NEW YORK – Sotheby’s, lagging a bit behind Christie's these last years, seems to switch to the offensive. The group contemporary art masterpieces it is putting up for sale on 15 May is particularly rich. Two stars stick out: Francis Bacon and Mark Rothko. Up to what heights will the former climb? His < i>Study for Innocent X , his emblematic series inspired by the famous portrait painted by Vélasquez that sits at the Doria-Pamphili gallery, is expected to go for 30 million $. The second should go even further: 40 million $ is announced for his White Center (Yellow, Pink and Lavender on Rose) from 1950, from David Rockefeller's collection. Rothko and Bacon are well accompanied, with a Pollock hiding in the back – a Number 16 from 1949, estimated between 18 and 25 million $. The amplitude indicates the uncertainty of the «auctioneers». With Pollock becoming the most expensive post war artist last year, with a private transaction at 140 million $, one can expect just anything.
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ARTIST OF THE WEEK
John Chamberlain, César's American cousin
PARIS - How can we define him otherwise? He was more or less a contemporary of the artist of Nice (he was born in 1927, César in 1921), he participated in the Pop Art movement, the movement that was parallel to New Realism; finally, he became known for his compressed sculptures. That is more or less what brings the two artists together. The market seems to know what it is doing since the record at the auctions for each of these creators is strangely comparable: around 450 000 €. The crushed body work by the American are more gleaming and make one think of the beautiful Chevrolets that parade down route 66. But he also knows how to play minor harmonies: out of the ten sculptures especially designed for the exhibition, many , such asWhimzee or Dictator Taxidermist, are developed in sobre black and white contrasts. At the age of 80, Chamberlain is almost a dinosaur – he rubbed elbows with John Cage at Black Moutain College, was at the Biennale of Venice in 1964 when Rauschenberg's America buried old Europe, had his retrospective at the Guggenheim already 36 years ago. A sacred monstre but still active…
The artists and the State
The artists and the State: this is the moment to ask the question even if it did not move the presidential campaign… The magazine area, presented as a big volume, prefers to take a little distance rather than dive into the current event of the temporary workers or the multinational Louvre. It illustrates forty years of cultural politics (since the creation of the ministry of cultural affairs by Malraux) with archive photos from the Keystone agency, it followed the traces of the former leesers of rue de Valois (the ministry) who aer still alive. Accompanied by a few important civil servants such as Emile Biasini, who organized Mitterrand's major works, or Jacques Rigaud, they explain what they did when they held the reins, as well as what they contributed. It is very much fun, as none of them waffles. Maurice Druon said he «saved architecture in the second half of the XIXth century» and tha the does not like the Centre Pompidou. Biasini, recalling the refusal of the Finance minister of the time to leave the Louvre, talks of Balladur as the «worst administrator of France, completely closed minded». as a countrepoint other vigorous voices denounce the way culture is slipping towards «com», the inclusion of almost anything and everything into the national heritage, the incompetence of elected officials in terms of architectural directives, the fear ol launching a true teaching of history of art, the control by an administrative cast over the mechanisms of help to creation, the loss of French influence. Not very encouraging… No, on the contrary, it is rather stimulating. One wishes for more remuses of this type!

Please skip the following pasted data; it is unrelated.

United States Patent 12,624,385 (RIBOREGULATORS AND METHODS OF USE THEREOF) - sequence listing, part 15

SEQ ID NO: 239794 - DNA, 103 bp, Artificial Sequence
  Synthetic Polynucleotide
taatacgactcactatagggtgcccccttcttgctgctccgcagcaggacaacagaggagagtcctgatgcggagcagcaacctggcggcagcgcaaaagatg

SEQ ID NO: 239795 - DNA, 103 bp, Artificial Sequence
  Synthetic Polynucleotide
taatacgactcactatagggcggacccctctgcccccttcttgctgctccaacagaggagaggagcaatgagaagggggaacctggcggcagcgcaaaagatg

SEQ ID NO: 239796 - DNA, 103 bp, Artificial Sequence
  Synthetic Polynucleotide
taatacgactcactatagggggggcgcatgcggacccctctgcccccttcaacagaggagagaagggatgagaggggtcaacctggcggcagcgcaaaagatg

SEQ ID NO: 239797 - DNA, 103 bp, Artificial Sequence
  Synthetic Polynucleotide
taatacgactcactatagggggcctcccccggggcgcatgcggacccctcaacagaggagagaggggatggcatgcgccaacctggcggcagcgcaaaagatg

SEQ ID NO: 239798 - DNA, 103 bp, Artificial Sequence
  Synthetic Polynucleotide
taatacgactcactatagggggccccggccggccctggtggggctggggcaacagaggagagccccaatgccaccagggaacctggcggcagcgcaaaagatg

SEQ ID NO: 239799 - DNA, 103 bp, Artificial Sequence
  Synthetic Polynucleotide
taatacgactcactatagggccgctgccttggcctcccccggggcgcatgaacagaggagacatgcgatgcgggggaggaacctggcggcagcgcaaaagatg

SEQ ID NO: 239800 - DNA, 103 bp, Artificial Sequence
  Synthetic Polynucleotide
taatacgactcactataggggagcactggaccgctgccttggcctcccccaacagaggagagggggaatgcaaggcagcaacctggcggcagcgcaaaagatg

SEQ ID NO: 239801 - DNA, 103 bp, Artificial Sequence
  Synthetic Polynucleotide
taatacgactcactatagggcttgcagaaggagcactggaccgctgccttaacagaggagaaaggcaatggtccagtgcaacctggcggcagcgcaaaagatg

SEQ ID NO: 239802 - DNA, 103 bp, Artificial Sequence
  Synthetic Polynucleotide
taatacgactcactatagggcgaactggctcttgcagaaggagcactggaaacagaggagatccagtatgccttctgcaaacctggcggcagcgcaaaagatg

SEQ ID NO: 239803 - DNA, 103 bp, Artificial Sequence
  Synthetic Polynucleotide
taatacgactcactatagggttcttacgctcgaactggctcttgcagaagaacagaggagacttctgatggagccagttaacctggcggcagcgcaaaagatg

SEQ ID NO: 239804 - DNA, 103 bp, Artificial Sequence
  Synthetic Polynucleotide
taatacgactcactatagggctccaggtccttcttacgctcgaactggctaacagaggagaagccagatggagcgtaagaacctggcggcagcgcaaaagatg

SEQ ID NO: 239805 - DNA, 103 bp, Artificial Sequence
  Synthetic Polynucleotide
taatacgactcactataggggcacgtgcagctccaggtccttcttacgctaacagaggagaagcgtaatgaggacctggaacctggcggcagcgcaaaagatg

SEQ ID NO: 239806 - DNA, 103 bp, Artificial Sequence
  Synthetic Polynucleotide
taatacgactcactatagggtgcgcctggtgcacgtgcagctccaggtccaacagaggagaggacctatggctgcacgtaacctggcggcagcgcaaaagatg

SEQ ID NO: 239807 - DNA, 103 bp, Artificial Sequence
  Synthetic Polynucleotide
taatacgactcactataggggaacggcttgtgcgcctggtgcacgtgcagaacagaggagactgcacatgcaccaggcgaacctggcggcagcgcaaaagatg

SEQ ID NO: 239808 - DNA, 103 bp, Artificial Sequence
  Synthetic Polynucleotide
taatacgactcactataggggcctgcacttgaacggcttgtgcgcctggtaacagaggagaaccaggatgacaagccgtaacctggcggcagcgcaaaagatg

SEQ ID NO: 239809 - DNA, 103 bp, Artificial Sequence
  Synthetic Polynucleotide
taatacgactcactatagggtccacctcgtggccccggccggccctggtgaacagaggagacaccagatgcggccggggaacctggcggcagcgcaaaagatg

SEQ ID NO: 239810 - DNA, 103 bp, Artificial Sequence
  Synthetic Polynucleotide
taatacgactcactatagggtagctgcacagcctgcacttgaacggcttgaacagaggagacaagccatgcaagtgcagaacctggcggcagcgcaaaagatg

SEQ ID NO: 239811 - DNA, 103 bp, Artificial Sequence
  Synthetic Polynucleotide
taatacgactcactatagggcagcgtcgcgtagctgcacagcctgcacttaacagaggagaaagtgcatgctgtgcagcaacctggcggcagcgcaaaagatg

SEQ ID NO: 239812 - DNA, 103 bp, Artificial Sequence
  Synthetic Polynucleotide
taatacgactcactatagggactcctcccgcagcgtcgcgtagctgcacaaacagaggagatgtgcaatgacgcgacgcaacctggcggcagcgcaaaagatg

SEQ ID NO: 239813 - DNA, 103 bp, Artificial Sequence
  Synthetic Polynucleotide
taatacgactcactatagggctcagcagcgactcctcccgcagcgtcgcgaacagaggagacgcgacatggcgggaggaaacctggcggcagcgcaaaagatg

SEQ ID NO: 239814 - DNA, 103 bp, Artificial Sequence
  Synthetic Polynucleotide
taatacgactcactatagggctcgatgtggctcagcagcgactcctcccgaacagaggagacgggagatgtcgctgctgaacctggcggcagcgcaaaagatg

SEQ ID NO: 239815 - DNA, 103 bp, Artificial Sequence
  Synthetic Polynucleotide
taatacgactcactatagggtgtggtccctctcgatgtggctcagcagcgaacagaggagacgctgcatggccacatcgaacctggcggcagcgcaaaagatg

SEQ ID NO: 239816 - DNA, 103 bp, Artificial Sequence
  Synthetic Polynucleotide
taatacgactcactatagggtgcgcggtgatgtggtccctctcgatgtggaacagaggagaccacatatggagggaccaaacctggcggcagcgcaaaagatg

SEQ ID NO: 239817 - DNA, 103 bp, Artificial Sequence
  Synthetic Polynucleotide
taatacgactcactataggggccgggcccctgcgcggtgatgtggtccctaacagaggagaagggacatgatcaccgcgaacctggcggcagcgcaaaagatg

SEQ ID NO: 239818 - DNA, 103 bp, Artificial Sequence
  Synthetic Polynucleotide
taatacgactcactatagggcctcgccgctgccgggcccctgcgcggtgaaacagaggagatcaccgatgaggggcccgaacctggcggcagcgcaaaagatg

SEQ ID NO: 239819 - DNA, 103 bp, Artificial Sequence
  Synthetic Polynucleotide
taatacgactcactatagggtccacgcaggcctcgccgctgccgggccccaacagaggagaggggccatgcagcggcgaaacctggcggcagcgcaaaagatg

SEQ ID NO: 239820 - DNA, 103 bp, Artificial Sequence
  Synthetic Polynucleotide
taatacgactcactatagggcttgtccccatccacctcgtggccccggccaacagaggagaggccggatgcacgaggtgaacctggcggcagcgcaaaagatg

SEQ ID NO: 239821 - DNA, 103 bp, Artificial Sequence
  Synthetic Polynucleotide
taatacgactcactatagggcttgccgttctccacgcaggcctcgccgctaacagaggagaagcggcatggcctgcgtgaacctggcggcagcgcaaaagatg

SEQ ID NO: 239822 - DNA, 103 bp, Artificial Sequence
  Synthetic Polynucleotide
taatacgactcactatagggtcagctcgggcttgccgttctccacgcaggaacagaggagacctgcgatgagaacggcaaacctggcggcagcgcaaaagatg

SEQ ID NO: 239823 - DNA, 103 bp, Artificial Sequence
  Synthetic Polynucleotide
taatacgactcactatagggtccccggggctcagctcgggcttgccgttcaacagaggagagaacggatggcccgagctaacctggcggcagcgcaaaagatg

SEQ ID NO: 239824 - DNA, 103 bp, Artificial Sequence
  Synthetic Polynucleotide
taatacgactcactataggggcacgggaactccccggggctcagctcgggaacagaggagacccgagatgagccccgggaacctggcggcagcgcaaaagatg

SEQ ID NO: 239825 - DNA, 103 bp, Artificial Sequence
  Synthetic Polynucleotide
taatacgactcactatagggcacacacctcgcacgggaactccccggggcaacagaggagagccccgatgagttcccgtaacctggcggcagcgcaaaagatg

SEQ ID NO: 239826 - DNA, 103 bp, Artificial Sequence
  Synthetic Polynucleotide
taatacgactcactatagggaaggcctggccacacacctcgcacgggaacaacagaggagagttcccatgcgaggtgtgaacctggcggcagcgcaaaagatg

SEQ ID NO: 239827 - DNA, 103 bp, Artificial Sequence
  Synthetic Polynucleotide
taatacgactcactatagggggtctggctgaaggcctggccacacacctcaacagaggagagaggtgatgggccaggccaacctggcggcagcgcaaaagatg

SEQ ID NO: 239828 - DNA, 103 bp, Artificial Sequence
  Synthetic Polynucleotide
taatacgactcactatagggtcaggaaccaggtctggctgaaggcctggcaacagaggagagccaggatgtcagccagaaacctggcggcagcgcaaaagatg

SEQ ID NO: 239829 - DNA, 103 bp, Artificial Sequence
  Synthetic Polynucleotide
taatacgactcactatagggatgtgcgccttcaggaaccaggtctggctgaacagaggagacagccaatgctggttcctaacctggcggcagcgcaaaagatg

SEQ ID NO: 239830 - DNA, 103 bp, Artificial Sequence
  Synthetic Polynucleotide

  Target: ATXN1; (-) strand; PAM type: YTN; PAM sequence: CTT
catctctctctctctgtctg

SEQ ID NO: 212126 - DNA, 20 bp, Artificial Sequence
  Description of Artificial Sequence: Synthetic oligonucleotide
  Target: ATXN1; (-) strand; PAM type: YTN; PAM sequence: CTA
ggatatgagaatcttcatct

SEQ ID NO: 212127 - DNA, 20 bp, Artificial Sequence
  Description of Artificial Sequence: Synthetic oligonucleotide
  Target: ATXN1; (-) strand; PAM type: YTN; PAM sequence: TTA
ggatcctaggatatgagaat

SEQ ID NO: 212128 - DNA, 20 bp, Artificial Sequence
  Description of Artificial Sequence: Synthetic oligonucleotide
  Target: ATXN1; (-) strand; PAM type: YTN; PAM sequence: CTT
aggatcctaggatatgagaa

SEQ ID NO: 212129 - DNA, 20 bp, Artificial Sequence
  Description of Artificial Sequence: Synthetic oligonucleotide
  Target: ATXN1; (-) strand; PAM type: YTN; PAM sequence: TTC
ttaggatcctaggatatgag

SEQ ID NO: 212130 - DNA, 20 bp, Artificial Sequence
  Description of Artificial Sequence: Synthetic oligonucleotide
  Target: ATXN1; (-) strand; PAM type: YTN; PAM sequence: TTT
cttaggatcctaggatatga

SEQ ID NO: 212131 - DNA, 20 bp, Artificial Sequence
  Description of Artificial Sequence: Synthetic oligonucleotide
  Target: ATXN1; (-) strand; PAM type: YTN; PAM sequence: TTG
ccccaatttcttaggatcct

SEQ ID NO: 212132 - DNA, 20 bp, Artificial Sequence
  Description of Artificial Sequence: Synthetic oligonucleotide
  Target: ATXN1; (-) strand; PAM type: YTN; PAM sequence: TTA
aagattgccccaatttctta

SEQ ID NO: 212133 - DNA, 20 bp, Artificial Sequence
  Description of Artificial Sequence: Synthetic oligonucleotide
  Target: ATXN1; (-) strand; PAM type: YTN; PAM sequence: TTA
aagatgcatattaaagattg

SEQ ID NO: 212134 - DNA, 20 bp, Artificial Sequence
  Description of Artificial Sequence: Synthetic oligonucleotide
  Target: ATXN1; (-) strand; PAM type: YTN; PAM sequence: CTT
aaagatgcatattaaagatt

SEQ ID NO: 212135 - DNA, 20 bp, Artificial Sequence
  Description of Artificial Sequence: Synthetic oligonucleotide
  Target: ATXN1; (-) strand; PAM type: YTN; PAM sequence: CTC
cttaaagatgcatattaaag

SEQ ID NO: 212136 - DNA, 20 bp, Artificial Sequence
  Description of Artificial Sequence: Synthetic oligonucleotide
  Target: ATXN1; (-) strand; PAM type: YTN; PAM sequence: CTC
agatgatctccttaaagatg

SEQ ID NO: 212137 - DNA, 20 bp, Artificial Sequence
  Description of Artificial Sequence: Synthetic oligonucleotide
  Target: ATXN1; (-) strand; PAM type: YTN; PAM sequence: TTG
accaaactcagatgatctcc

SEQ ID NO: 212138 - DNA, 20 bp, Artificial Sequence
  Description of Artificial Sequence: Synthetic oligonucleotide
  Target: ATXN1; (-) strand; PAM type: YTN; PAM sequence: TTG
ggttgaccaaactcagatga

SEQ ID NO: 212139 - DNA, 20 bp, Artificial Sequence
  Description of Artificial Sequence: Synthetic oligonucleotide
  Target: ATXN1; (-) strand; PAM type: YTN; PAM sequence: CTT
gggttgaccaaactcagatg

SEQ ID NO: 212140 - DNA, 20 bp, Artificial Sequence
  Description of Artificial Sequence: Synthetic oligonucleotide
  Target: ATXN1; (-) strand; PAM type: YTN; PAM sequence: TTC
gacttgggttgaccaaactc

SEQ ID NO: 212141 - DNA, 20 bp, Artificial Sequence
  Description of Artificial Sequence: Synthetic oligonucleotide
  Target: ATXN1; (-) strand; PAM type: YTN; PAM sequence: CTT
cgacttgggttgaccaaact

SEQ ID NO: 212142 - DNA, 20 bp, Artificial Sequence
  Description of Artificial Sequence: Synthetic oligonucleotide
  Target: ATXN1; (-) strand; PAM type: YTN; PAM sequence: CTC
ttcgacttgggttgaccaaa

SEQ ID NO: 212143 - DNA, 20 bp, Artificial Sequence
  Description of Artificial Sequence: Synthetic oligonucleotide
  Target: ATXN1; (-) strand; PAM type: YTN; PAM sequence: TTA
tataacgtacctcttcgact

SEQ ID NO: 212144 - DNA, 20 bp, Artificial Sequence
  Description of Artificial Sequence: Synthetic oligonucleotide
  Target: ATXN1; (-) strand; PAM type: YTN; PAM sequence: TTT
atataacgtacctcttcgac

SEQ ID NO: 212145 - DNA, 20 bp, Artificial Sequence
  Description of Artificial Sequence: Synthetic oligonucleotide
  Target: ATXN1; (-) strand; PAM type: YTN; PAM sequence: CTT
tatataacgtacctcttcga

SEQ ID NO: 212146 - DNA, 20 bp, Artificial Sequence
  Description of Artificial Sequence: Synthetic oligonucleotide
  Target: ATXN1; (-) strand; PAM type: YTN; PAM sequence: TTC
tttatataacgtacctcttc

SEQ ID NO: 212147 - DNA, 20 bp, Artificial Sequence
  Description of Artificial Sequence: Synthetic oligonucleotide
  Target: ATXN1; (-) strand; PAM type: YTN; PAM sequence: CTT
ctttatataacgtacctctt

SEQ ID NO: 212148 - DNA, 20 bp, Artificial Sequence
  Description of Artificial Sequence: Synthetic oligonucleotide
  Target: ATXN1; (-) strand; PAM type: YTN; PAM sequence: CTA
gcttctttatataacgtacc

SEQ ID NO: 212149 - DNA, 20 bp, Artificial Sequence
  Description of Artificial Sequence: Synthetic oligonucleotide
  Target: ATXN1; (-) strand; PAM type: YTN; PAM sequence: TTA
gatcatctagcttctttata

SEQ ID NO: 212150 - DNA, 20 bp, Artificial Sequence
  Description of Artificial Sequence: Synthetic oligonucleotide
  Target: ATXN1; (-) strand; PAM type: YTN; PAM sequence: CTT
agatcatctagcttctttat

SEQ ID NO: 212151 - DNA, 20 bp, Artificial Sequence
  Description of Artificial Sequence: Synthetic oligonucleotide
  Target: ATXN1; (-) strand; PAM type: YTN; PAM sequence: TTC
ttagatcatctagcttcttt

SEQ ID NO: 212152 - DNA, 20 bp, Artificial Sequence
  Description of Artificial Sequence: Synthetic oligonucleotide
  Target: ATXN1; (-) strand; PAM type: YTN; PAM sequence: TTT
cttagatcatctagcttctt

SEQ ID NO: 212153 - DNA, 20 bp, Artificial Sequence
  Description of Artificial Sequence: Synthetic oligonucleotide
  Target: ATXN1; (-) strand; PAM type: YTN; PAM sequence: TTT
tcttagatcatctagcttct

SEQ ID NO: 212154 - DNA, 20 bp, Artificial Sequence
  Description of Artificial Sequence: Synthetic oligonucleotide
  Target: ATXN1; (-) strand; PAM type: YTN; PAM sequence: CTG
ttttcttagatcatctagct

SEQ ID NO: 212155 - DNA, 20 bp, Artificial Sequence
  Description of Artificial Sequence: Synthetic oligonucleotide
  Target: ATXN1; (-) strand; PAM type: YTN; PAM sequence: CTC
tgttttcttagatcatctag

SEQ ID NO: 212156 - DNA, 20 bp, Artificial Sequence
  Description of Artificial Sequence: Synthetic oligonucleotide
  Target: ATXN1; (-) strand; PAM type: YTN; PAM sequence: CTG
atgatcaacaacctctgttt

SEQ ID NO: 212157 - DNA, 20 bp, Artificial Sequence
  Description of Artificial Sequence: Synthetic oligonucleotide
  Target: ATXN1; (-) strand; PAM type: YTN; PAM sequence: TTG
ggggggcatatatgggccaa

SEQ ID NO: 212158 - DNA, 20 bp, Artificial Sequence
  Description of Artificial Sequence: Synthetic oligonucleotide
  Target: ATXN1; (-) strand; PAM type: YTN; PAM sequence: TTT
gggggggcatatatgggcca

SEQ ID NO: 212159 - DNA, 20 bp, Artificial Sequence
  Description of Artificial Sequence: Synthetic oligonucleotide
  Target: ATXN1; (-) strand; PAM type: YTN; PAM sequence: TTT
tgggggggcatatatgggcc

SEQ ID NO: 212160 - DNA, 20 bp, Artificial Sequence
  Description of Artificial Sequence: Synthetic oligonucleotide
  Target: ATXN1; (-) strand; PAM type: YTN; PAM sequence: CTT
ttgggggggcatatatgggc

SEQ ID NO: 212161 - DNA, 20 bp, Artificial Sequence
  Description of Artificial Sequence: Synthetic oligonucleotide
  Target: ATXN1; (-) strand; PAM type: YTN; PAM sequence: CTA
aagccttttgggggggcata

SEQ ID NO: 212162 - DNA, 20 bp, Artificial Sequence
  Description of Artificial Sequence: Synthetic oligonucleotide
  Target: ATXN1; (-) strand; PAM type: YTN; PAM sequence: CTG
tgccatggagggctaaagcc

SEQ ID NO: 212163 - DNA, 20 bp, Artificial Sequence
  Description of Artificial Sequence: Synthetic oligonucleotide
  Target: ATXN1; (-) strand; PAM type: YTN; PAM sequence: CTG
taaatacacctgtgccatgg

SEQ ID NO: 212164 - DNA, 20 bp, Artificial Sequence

MONTREAL – The 8th biennale of Montreal will be inaugurated on 10 May under the title of "Move heaven and earth". It will last until 8 July
MOSCOW - The fourth annual Moscow World Fine Art Fair will be held from May 28 to June 4. in the Manege, with over eighty international dealers and jewellers
NEW YORK – The International Fine Art Fair, with 55 antique dealers, will be held from 11 to 16 May. Among the participants, Didier Aaron, Agnew’s, Cazeau-Béraudière, French & Co et Richard Green.
PARIS – The gallery of the Gobelins, drawn by Jean-Camille Formigé between 1910 and 1922 inside the factory to expose its creations and those of the Mobilier national, will open to the public on 12 May.
PARIS – The Nuits du Marais (Nights of the Marais)– the simultaneous opening of various contemporary art galleries in the neighborhood – will be held for the 2nd year on 10, 11 May (up to 10 PM) and on 12 May (up to 8PM).
POISSY – The famous villa Savoye, by Le Corbusier (1931), uninhabited for years, will come back to life. The exhibition Essayage, starting on 11 May, aims at refurnishing with contemporary creations.
REIMS – The contest Art is Steel, that awards a steel sculpture, has received over 400 candidates. The winner will be announbced on 11 May and the rewarded work will decorate the new European headquarters of d’ArcelorMittal Distribution.